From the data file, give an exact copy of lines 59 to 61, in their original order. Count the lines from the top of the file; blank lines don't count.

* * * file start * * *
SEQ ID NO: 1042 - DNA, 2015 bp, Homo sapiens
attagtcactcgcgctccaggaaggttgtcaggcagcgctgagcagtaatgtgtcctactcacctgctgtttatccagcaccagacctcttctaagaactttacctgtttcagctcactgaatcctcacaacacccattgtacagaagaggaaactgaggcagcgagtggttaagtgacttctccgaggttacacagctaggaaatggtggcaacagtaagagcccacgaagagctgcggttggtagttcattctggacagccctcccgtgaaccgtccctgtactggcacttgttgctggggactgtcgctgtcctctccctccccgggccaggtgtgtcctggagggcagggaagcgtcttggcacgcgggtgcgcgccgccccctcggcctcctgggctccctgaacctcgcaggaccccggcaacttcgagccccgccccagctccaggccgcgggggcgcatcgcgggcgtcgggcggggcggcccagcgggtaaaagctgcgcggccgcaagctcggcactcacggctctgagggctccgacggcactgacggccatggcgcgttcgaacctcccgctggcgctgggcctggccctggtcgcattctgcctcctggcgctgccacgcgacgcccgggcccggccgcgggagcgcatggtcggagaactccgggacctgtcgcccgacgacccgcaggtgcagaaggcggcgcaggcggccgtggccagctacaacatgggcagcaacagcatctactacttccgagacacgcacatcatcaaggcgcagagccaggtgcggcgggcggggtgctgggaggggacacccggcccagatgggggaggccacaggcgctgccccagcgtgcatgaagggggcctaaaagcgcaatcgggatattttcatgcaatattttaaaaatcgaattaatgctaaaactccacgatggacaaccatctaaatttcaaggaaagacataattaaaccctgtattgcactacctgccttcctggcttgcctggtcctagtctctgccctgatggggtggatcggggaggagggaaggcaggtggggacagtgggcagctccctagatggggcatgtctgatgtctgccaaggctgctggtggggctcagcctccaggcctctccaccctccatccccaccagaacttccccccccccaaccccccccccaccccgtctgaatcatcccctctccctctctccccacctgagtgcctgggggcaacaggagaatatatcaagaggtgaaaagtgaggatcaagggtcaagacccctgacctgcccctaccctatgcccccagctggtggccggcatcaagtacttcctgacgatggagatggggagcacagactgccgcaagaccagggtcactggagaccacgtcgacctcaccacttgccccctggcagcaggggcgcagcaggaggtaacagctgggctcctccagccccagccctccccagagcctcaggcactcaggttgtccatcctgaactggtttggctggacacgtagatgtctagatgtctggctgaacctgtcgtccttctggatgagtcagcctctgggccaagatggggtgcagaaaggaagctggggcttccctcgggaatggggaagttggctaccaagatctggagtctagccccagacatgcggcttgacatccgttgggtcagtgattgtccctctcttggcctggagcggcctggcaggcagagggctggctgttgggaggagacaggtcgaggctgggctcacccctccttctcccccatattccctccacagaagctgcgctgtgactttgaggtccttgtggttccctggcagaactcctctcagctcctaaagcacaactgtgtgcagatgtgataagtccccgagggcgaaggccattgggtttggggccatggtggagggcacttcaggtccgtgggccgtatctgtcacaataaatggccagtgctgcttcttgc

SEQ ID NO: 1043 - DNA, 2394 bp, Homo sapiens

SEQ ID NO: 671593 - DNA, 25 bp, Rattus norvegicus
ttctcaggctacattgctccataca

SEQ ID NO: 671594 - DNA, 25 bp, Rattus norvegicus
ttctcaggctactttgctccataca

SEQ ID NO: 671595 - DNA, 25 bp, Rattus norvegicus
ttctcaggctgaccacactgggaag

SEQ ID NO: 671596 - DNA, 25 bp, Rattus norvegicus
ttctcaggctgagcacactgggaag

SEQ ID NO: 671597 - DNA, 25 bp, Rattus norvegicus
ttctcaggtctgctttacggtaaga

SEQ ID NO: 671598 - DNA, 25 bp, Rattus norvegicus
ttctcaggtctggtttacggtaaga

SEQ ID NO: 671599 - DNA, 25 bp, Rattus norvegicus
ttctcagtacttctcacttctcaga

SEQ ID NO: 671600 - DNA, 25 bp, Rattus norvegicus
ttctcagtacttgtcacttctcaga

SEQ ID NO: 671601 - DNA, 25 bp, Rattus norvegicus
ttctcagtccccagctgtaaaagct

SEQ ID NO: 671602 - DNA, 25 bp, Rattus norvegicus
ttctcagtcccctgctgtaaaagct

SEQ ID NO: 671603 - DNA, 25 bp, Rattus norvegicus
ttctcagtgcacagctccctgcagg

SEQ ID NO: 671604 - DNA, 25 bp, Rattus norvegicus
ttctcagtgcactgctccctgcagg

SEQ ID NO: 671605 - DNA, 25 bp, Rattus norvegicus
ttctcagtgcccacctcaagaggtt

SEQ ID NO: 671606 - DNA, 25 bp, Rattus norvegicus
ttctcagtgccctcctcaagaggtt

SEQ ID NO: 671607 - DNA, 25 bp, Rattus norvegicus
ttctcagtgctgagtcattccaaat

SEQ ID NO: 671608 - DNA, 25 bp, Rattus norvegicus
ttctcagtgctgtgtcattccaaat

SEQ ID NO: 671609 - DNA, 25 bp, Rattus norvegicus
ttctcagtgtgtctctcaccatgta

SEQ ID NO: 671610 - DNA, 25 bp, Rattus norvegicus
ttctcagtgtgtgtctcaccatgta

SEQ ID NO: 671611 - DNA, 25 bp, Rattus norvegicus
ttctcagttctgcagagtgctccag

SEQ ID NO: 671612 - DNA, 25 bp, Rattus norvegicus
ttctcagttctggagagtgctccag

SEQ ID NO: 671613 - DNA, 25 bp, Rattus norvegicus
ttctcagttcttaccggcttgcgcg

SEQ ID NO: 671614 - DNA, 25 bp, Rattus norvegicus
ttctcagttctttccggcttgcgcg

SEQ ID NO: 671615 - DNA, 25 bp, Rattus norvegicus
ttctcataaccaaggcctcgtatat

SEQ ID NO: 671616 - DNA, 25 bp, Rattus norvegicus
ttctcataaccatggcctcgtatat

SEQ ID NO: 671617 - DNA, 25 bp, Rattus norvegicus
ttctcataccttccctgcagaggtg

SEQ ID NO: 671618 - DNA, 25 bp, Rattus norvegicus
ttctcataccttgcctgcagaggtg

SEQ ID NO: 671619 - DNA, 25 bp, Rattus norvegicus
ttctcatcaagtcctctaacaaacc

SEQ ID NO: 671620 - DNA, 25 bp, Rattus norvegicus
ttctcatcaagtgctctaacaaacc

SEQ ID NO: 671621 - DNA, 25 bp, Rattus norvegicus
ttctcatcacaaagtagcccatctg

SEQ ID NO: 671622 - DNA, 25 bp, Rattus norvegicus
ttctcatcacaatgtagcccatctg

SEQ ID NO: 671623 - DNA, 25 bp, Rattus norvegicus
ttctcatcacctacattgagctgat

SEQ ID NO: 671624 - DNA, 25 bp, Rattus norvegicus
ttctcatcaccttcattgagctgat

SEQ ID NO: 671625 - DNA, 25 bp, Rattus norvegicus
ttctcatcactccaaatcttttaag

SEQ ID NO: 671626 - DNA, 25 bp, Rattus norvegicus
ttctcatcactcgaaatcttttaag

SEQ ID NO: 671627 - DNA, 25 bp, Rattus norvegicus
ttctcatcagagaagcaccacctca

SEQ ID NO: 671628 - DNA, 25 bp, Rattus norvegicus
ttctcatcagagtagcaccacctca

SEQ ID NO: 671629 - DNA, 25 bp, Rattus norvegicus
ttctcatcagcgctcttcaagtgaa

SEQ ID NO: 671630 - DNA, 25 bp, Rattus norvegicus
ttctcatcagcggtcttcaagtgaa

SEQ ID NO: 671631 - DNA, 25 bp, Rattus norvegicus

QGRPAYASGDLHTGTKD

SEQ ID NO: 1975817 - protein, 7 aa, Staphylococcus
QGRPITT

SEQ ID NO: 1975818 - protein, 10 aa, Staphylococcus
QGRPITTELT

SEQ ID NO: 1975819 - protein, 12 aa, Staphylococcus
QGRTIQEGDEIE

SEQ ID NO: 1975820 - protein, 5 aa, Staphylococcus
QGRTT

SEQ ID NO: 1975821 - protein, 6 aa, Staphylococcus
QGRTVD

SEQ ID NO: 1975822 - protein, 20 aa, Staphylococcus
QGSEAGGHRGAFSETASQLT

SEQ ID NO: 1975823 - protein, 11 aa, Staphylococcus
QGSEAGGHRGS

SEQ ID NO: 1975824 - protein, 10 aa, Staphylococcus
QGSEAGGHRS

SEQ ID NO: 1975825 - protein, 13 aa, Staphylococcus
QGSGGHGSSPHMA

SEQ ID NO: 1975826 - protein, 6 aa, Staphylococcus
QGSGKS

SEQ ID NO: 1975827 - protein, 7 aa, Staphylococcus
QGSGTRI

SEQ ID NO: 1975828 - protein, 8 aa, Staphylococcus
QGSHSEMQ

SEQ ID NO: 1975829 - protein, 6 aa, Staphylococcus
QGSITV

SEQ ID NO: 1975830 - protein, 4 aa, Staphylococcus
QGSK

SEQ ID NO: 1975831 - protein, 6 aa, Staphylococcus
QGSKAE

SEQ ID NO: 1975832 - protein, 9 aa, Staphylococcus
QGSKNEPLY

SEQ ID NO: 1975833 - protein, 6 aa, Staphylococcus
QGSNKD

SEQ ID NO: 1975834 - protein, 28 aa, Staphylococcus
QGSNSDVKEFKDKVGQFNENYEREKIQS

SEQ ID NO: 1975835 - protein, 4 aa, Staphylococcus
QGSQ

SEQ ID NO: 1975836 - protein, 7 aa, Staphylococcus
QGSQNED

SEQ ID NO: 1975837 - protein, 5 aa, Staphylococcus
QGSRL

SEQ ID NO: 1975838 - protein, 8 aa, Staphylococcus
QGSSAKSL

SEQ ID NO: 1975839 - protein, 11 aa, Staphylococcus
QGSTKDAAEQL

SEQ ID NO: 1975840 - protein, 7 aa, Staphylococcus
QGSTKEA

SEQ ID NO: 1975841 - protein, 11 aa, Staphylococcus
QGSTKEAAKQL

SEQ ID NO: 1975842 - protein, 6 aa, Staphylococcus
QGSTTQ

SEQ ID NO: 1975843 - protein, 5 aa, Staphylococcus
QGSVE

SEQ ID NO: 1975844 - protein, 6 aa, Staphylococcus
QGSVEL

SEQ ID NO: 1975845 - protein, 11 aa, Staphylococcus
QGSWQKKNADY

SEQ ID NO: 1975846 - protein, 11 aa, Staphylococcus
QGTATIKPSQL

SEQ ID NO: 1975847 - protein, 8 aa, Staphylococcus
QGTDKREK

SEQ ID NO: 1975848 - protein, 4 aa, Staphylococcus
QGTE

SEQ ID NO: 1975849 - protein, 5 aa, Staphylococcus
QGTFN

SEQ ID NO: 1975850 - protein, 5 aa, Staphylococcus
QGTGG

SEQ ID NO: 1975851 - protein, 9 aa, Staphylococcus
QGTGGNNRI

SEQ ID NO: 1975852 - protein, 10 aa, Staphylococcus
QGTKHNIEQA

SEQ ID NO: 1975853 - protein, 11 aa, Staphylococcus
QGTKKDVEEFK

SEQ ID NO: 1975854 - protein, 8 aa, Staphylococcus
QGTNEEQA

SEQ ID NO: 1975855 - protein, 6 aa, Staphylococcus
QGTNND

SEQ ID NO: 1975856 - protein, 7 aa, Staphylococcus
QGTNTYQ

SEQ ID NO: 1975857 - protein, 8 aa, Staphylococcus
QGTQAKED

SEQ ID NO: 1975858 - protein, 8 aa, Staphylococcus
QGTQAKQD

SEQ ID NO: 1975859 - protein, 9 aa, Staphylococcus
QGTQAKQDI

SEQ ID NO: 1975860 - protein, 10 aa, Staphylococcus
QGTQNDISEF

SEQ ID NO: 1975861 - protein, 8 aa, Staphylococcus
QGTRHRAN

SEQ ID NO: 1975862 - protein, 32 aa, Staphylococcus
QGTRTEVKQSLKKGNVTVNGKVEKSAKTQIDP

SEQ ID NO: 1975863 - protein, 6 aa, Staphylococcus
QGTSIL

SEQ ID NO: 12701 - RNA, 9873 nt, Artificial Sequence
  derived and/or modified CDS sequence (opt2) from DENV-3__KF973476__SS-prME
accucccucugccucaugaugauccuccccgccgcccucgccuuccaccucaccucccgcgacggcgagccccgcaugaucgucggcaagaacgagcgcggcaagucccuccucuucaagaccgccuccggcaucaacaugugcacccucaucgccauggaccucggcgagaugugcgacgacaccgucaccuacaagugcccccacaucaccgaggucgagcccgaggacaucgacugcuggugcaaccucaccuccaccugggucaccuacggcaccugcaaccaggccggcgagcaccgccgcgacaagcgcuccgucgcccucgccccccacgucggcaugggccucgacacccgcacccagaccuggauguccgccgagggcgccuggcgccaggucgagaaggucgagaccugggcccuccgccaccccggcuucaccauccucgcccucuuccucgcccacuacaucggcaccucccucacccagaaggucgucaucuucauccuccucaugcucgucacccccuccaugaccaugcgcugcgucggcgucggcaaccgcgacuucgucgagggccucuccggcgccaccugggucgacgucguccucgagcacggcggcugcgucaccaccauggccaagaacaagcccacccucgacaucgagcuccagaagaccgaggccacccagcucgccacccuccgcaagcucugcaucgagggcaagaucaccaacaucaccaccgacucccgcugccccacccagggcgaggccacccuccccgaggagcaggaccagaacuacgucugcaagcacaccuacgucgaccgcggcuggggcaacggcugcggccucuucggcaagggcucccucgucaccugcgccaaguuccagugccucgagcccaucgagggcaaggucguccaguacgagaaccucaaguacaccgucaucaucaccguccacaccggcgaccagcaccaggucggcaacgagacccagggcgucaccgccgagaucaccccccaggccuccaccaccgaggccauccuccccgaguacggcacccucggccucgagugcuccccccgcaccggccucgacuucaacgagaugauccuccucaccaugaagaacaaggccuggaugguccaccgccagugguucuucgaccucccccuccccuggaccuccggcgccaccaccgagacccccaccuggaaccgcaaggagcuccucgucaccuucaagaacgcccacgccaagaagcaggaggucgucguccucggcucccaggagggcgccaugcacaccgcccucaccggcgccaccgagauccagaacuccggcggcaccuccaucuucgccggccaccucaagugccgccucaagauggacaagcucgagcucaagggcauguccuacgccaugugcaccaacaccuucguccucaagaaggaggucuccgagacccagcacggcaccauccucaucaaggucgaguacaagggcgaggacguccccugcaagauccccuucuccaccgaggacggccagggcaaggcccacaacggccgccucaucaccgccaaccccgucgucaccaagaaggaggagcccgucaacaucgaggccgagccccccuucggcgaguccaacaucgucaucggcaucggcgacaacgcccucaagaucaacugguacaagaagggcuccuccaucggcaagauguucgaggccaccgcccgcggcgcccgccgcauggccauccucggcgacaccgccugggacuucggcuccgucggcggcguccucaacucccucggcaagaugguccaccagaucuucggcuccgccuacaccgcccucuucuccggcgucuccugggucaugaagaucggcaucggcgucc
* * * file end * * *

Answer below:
ttctcatcaagtgctctaacaaacc

SEQ ID NO: 671621 - DNA, 25 bp, Rattus norvegicus
ttctcatcacaaagtagcccatctg